Mark Essen’s worlds without maps

Indie game artist Mark Essen (“messhof”) has achieved almost mainstream recognition since this writer last wrote about him in 2009. Four of his games have been released through Adult Swim’s popular online arcade. His work has been featured by the New Museum and The Creator’s Project. His 2010 game Nidhogg, a surreal two-player tug-of-war that blends fencing and football, has earned him a rabid following—and a Nuovo Award at the Independent Games Festival. For an iconoclast who has made games about illegal organ harvesting and devouring tubs of raw hamburger, this kind of success is incredible. What, exactly, is his secret?

It is tempting to attribute it to his bizarre aesthetic, in part a mash-up of underground art, memories of 8-bit video games and a degree in experimental film. However, this is neither the whole story nor the most important element in it. The truth—and this is rarely recognized by the press—is that Essen’s work is characterized by brilliant game design. His ideas regarding interface, interaction and multiplayer are among the most advanced in the independent scene. One of his central concepts, which recurs in nearly all of his games, is a refusal to hold the player’s hand. This is in stark contrast to the practices of the wider industry, such as the common use of focus groups and flowcharts to guarantee that the player is always satisfied and never confused. The paradox is that Essen’s games—which baffle and frustrate at every turn—might fairly be considered more satisfying than these titles.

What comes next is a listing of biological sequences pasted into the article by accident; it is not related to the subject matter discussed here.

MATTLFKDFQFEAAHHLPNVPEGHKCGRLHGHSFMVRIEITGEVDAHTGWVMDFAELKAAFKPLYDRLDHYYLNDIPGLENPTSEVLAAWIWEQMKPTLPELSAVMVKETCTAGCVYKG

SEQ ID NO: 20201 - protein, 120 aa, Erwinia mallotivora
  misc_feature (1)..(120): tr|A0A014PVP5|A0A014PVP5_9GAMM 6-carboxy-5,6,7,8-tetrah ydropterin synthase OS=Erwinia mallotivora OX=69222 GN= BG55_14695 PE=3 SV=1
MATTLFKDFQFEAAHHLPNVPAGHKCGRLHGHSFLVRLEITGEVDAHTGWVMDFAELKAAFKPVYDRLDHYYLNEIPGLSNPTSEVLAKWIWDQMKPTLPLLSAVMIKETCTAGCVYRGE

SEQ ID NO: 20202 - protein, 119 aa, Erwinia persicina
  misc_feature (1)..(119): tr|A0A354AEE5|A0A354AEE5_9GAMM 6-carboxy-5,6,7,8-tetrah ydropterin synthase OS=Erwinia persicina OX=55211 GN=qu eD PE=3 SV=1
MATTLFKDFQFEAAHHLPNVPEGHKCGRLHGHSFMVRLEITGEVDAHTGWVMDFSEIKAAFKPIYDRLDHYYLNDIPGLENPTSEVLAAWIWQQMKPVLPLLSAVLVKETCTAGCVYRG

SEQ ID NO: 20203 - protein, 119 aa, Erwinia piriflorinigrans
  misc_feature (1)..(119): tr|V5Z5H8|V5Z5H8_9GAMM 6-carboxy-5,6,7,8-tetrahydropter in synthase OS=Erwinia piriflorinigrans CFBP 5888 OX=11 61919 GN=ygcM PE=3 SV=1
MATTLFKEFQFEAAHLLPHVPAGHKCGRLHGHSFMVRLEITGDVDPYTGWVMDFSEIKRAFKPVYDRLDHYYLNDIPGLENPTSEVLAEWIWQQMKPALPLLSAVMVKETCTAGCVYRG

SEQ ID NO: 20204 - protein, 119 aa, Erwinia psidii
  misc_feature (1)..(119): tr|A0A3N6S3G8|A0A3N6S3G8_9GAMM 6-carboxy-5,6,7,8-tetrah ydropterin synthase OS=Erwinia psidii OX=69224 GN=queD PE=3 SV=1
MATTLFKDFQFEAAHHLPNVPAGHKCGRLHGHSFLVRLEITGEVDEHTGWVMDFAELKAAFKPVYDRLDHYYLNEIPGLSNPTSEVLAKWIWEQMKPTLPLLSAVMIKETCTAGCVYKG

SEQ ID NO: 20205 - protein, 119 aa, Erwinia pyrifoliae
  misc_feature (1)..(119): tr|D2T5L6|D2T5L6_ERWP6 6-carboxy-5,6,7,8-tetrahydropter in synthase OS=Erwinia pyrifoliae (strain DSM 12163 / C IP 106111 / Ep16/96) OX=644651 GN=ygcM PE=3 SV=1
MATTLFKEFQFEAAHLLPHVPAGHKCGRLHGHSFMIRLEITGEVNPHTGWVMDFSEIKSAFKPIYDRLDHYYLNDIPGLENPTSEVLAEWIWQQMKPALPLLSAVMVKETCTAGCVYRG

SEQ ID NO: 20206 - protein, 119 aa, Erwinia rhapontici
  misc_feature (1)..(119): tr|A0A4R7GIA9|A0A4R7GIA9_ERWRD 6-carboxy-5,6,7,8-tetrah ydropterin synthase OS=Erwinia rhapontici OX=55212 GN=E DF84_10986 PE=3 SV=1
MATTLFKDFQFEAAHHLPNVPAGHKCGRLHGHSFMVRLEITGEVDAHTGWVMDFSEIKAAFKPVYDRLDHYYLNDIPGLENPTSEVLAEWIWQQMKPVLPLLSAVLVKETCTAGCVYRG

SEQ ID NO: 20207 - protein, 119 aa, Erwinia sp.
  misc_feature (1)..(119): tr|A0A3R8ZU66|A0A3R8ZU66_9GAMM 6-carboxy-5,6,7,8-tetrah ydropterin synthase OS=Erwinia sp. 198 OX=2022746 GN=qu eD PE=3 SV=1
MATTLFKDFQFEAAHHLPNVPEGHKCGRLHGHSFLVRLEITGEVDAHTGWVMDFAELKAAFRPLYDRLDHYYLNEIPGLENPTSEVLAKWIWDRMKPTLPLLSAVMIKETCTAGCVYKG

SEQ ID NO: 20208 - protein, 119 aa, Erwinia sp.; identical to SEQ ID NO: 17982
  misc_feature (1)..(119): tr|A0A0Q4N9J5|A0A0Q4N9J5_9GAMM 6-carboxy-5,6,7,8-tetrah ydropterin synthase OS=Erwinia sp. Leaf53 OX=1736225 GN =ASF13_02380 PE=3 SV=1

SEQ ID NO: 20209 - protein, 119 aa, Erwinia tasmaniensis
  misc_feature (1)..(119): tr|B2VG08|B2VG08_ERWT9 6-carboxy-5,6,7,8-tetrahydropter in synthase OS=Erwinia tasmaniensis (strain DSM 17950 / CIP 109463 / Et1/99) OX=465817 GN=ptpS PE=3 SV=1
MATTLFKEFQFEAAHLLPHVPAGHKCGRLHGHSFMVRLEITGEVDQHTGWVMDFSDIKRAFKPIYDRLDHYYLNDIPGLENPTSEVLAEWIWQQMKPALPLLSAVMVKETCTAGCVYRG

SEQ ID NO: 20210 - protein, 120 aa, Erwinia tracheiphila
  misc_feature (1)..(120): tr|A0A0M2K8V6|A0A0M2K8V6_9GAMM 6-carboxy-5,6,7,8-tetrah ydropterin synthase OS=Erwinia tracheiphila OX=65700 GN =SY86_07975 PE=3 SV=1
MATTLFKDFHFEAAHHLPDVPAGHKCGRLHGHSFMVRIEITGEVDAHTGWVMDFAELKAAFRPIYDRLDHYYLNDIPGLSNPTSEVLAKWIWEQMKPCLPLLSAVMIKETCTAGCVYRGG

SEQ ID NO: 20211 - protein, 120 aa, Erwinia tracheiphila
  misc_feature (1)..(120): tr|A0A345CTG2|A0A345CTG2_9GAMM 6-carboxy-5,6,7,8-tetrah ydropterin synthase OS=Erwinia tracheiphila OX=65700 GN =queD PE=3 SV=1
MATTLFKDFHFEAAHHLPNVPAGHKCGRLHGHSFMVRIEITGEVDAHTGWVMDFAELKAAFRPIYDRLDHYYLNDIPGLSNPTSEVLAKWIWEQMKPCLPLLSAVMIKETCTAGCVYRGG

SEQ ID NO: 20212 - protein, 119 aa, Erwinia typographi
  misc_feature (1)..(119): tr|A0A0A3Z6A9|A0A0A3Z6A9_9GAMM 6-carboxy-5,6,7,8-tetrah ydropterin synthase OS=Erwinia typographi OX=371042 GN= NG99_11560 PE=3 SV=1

Take his latest work, Surprise Bullfight, as an example. The premise is that the last ”forest giant”—a flailing, baby-like creature—, has only moments to live. The player’s goal is to extend the giant’s ever-fading life by feeding him fresh hearts, taken from the increasingly dangerous bulls that wander the forest. Armed with a sword and muleta, the player engages in bullfights that eventually, inevitably lead to the deaths of both the protagonist and the giant. The only questions are how long the player survives and how many points he or she accrues during this time. (Points are gained mainly by leading the bull with the muleta and by picking up excrement.)

The last forest giant.

It all seems strange and somewhat pointless at first, until the player discovers that Essen, per usual, has told no one how to play the game properly. (This might account for its low rating from players.) To achieve a high score, the player must keep an invisible combo meter full by leading the bull in a tight circle, which results in a delicate balance between large reward (points) and the extreme risk of getting too close to the bull. A further risk-reward dynamic is the player’s decision of when to finish the bull: too early, and potential points are lost; too late, and the player may not get the heart to the giant in time. Bulls get stronger and faster as the game wears on, and the number of points they offer grows as well. Difficulty, stress and excitement rise as the player’s score increases, since more and more is at stake. It’s a very well-designed game that Essen expects no one to understand, at least initially.

Essen discussed the no-hand-holding approach when this writer spoke with him in 2009. He explained that the strange controls, disjointed gameplay mechanics and extreme difficulty in his games—which return in Bullfight—are meant not to repulse players, but rather to engage them. “I think the games that were the most fun for me growing up were the ones where figuring out how to move your character was the most challenging part, or the part you could inject the most personality into,” he said during the interview. In other words, Essen wants players to learn his games for themselves because it makes them participants; it puts their personal touch on the work. It’s an idea that he has used since his 2004 game Bool, whose menus and dialogue are written in a coded language that the player is forced to decipher. Essen creates environments for the player to explore; but they come without maps.

(The reader is challenged to top this writer’s Surprise Bullfight high of 3.7 million points. It currently occupies first place on the scoreboard.)

Still Eating Oranges


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